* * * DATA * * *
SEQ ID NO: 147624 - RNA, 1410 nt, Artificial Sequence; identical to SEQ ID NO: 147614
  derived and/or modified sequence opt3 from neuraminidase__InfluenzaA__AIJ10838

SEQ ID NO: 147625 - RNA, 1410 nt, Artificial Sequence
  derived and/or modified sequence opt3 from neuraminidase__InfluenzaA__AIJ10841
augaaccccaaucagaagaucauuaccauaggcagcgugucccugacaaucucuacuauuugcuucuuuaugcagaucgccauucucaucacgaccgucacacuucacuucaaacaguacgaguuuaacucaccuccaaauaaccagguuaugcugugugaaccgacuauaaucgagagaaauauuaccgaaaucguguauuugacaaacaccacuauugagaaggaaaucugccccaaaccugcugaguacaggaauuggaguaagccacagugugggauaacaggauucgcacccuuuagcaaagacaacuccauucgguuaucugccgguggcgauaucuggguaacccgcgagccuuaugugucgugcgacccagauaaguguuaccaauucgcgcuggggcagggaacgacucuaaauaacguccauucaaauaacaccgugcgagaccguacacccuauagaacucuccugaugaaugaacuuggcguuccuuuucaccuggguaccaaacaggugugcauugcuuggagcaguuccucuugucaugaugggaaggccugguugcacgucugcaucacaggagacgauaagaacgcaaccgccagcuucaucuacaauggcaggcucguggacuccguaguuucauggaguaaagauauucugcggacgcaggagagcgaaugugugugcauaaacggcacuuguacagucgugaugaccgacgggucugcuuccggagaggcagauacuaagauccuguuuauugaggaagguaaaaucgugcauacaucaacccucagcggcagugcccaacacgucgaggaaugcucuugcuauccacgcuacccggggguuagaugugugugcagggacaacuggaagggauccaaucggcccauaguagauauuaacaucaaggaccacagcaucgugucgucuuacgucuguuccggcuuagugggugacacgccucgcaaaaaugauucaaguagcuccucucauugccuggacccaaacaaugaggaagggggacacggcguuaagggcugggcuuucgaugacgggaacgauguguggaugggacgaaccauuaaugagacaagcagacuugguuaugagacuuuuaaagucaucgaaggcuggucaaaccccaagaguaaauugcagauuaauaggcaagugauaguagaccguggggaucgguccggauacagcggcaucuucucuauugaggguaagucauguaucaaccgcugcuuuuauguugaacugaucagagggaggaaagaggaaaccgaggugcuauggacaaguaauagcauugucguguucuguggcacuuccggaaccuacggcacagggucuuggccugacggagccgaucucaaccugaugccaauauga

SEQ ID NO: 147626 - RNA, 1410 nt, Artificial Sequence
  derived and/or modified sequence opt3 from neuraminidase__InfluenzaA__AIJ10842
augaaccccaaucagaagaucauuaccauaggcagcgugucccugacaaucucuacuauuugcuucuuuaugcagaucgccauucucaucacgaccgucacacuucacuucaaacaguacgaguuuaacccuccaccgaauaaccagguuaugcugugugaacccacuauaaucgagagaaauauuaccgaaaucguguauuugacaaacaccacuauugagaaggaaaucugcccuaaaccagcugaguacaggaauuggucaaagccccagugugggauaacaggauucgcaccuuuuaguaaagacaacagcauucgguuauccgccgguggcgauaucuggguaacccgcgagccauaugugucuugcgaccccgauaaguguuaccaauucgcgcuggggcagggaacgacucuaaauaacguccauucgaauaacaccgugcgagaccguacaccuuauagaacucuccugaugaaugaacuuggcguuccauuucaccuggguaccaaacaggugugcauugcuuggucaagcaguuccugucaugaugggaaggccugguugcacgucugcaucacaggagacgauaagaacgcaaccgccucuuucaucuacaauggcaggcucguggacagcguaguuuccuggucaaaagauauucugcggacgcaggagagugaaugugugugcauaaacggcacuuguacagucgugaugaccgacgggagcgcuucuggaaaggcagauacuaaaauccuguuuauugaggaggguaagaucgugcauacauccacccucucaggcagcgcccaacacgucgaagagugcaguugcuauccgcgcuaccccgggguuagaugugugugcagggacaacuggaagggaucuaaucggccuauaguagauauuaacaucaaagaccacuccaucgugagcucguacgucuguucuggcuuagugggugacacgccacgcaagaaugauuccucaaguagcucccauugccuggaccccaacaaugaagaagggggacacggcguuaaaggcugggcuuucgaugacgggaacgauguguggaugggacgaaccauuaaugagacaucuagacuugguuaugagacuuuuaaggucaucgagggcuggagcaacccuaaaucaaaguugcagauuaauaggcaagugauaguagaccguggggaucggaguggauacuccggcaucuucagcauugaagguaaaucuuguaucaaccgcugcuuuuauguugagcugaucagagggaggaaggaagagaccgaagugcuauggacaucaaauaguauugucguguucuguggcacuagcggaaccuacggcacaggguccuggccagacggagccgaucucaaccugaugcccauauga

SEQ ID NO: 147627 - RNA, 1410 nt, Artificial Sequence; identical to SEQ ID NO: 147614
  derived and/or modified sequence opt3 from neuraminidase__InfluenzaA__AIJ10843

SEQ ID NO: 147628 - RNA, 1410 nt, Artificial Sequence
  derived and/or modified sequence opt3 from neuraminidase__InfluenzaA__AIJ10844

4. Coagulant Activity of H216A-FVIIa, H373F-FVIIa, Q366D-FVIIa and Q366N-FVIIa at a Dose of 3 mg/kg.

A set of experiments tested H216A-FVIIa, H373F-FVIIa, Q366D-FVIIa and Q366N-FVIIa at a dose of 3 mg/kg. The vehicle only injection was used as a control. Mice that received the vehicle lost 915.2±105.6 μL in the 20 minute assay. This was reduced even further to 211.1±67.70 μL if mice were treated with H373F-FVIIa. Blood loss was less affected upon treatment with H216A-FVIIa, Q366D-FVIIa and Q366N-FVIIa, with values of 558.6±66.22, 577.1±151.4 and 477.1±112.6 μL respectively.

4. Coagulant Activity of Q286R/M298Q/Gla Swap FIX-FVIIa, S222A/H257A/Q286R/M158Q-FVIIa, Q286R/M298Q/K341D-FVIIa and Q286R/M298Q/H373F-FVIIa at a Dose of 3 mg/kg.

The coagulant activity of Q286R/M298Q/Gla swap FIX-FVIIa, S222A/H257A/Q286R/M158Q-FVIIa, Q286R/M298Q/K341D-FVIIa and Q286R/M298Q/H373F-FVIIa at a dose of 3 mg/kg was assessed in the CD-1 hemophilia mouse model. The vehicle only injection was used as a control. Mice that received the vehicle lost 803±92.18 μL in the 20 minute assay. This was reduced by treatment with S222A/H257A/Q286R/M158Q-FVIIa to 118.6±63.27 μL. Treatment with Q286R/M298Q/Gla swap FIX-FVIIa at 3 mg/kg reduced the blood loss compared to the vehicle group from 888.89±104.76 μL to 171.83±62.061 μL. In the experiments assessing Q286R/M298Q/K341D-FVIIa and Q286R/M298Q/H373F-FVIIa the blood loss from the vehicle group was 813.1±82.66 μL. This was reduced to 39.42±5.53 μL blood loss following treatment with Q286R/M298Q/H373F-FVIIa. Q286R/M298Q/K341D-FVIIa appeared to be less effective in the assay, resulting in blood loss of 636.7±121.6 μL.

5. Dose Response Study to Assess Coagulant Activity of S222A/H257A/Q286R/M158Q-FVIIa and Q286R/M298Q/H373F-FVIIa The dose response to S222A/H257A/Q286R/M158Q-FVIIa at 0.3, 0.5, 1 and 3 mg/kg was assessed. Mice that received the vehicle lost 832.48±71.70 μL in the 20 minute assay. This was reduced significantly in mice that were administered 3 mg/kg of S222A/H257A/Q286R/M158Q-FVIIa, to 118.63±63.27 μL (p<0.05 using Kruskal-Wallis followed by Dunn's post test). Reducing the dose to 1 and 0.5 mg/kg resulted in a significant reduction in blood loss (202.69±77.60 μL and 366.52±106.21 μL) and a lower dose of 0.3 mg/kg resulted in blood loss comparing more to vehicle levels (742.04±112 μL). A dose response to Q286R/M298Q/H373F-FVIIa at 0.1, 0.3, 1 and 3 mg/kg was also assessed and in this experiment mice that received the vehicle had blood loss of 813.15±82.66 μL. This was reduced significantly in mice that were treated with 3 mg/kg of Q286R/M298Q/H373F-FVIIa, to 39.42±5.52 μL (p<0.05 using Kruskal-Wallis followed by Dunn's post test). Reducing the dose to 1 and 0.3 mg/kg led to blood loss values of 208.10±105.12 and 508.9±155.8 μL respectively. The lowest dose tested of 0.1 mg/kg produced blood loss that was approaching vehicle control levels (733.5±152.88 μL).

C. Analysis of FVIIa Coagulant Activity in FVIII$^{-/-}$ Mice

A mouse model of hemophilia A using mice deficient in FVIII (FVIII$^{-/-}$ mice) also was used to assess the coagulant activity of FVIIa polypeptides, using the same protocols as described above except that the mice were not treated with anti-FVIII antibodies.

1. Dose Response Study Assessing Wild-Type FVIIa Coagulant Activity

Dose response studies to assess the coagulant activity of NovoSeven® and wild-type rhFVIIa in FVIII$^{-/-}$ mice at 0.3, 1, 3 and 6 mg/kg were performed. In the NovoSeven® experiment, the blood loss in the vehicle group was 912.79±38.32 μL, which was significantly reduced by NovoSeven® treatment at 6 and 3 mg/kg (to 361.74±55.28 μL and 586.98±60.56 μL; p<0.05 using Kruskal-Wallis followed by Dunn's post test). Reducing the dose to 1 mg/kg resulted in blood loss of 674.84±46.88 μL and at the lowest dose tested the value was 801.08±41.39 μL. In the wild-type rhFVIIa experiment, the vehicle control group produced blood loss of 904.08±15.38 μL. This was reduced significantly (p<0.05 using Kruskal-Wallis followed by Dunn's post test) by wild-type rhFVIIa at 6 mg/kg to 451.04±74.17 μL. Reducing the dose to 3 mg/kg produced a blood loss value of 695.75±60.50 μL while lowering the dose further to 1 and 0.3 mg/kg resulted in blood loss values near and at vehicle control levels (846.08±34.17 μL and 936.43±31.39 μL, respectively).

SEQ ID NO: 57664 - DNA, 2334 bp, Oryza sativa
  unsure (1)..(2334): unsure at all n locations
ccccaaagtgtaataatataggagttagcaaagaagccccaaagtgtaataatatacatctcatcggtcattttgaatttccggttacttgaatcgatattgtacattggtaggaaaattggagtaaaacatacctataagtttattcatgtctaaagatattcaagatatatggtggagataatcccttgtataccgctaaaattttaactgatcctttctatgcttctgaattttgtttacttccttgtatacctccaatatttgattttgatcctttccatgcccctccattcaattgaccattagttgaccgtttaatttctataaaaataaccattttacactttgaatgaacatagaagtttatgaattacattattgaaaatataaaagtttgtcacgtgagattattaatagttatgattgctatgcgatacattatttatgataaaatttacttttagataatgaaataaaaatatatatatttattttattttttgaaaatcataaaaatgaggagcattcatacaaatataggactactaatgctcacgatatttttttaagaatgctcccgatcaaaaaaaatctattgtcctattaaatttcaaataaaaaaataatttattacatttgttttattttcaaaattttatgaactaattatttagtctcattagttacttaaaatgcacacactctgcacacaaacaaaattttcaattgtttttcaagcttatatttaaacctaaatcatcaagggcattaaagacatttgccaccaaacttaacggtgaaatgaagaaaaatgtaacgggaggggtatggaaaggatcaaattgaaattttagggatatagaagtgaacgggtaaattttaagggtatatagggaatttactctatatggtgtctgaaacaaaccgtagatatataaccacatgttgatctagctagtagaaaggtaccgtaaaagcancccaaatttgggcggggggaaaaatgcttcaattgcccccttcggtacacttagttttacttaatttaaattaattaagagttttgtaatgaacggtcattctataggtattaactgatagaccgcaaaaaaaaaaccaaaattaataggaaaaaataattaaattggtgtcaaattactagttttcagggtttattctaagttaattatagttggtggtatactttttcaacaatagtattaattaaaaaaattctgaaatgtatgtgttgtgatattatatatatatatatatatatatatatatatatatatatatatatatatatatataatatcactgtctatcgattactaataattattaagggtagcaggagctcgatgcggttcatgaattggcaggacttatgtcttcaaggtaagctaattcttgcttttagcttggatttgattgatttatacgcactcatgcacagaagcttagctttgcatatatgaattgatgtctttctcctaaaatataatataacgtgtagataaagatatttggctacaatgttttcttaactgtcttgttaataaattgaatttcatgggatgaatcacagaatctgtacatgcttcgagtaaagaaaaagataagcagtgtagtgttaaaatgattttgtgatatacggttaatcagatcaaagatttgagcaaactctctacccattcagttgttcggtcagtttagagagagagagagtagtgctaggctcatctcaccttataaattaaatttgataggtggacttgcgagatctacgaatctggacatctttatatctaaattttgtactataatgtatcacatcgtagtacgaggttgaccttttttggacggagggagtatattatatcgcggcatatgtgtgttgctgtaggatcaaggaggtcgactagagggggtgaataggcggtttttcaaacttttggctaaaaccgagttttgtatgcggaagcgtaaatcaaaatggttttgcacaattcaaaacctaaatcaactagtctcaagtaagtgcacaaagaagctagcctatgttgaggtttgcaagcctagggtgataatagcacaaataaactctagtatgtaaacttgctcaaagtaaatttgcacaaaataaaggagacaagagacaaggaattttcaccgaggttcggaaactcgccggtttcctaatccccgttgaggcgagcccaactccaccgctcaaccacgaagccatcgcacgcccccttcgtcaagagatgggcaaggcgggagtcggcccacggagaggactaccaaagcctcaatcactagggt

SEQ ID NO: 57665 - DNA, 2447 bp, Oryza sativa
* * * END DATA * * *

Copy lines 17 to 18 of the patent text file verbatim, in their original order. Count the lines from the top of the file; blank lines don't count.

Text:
5. Dose Response Study to Assess Coagulant Activity of S222A/H257A/Q286R/M158Q-FVIIa and Q286R/M298Q/H373F-FVIIa The dose response to S222A/H257A/Q286R/M158Q-FVIIa at 0.3, 0.5, 1 and 3 mg/kg was assessed. Mice that received the vehicle lost 832.48±71.70 μL in the 20 minute assay. This was reduced significantly in mice that were administered 3 mg/kg of S222A/H257A/Q286R/M158Q-FVIIa, to 118.63±63.27 μL (p<0.05 using Kruskal-Wallis followed by Dunn's post test). Reducing the dose to 1 and 0.5 mg/kg resulted in a significant reduction in blood loss (202.69±77.60 μL and 366.52±106.21 μL) and a lower dose of 0.3 mg/kg resulted in blood loss comparing more to vehicle levels (742.04±112 μL). A dose response to Q286R/M298Q/H373F-FVIIa at 0.1, 0.3, 1 and 3 mg/kg was also assessed and in this experiment mice that received the vehicle had blood loss of 813.15±82.66 μL. This was reduced significantly in mice that were treated with 3 mg/kg of Q286R/M298Q/H373F-FVIIa, to 39.42±5.52 μL (p<0.05 using Kruskal-Wallis followed by Dunn's post test). Reducing the dose to 1 and 0.3 mg/kg led to blood loss values of 208.10±105.12 and 508.9±155.8 μL respectively. The lowest dose tested of 0.1 mg/kg produced blood loss that was approaching vehicle control levels (733.5±152.88 μL).

C. Analysis of FVIIa Coagulant Activity in FVIII$^{-/-}$ Mice